portion of Ronnie K. Stephens' artwork

Barking at Seals
Ronnie K. Stephens

It was a strange feeling, the earth swallowing us.
River of black mud, odor of bile and leaves
and sea, flowed upward. Thick waves rolled
heavier and heavier upon my shoulders.

Sinking into a burial ground is easy. The carpet
is soft. The tomb deep. It wants to hold you
the way a mother will.

We are on the docks. A coffin ship is boarding.
I am not a sacrifice.

This vessel will not carry me
where I do not wish to go.
She hands me a forget-me-not,
green leather and hand-bound.

The first entry is of her nightmares.
We are drifting down.

My shoes will not move.
They are in the clutches of my father.
Do not go, he says. You are not for the current.

I curl my toes, my arch, the bend of my knee.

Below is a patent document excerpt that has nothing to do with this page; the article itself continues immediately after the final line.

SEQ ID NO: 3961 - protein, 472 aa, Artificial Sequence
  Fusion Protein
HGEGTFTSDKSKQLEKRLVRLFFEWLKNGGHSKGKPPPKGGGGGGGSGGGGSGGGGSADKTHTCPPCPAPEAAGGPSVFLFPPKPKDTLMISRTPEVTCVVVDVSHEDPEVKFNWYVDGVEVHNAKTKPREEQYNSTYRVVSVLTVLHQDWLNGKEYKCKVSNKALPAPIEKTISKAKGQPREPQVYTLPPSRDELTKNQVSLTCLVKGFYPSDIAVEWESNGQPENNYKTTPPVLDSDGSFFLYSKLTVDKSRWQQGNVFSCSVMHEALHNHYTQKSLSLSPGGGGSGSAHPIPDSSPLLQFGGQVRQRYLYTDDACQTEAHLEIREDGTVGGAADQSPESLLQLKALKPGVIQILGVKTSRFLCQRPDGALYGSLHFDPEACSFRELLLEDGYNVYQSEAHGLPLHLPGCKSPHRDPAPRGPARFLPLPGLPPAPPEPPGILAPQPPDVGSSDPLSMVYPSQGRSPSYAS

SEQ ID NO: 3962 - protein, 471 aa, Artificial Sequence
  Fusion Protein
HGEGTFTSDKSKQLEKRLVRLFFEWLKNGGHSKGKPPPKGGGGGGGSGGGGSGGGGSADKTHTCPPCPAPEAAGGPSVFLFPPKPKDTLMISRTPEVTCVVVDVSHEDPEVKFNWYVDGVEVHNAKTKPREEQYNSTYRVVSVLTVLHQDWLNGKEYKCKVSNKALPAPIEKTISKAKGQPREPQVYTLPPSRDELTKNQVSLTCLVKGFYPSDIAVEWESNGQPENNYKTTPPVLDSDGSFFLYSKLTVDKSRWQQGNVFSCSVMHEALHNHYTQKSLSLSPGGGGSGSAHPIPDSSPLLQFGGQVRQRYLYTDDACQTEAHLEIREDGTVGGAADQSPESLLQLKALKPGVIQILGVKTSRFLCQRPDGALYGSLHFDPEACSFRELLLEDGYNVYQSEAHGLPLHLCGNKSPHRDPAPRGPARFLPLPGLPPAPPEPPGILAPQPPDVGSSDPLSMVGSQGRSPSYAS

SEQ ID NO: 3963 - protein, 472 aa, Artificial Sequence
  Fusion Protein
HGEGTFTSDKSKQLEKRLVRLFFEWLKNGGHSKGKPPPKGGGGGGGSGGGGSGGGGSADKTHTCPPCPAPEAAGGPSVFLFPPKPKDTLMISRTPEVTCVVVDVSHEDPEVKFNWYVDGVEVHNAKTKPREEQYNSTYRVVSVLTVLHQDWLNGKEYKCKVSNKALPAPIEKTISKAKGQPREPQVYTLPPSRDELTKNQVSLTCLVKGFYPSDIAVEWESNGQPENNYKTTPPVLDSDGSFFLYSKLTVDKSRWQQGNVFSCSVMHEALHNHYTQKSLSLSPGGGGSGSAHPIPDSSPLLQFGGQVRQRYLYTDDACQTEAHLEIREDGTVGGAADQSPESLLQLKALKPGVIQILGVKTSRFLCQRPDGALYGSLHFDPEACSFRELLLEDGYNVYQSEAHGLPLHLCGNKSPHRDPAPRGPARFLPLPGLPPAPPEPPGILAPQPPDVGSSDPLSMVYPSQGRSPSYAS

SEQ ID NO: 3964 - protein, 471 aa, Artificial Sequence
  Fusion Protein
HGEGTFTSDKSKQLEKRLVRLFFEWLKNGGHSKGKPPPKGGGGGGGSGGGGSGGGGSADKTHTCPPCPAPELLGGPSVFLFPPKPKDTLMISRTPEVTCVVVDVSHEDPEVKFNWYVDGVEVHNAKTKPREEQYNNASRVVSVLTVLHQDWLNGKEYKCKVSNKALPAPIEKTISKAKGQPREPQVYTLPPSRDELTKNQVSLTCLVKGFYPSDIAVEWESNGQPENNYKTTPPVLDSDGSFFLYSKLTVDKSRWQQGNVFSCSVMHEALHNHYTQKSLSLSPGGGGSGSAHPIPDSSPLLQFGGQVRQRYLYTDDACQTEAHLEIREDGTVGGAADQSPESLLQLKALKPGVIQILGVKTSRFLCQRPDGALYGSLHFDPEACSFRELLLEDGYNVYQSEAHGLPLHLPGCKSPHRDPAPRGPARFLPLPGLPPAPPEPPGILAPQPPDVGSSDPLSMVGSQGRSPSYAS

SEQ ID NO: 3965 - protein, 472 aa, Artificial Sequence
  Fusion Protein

These are my only pair of shoes. You are laughing.
Standing still and rising into the abyss.
I am of the floor; it marries the hills.
There are no stars. A flower winks.

Mud licks my ear. I did not invite its kiss.
The road is three feet away and my right leg is loosening.
I clutch your hand.

How did you get free so fast, I ask.
This bog is not deep enough. It wants a prisoner.
Face down. Hands bound.

I step from the shallow tomb.
I am not a sacrifice.

I will not give myself to you. Take my hands;
my God I want to breathe the memory. It is so fresh.
The cuffs of my jeans are heavy. My father has not let go.
I cannot see.

Let us return home, you say.
Show me the way.
I am my grandmother.

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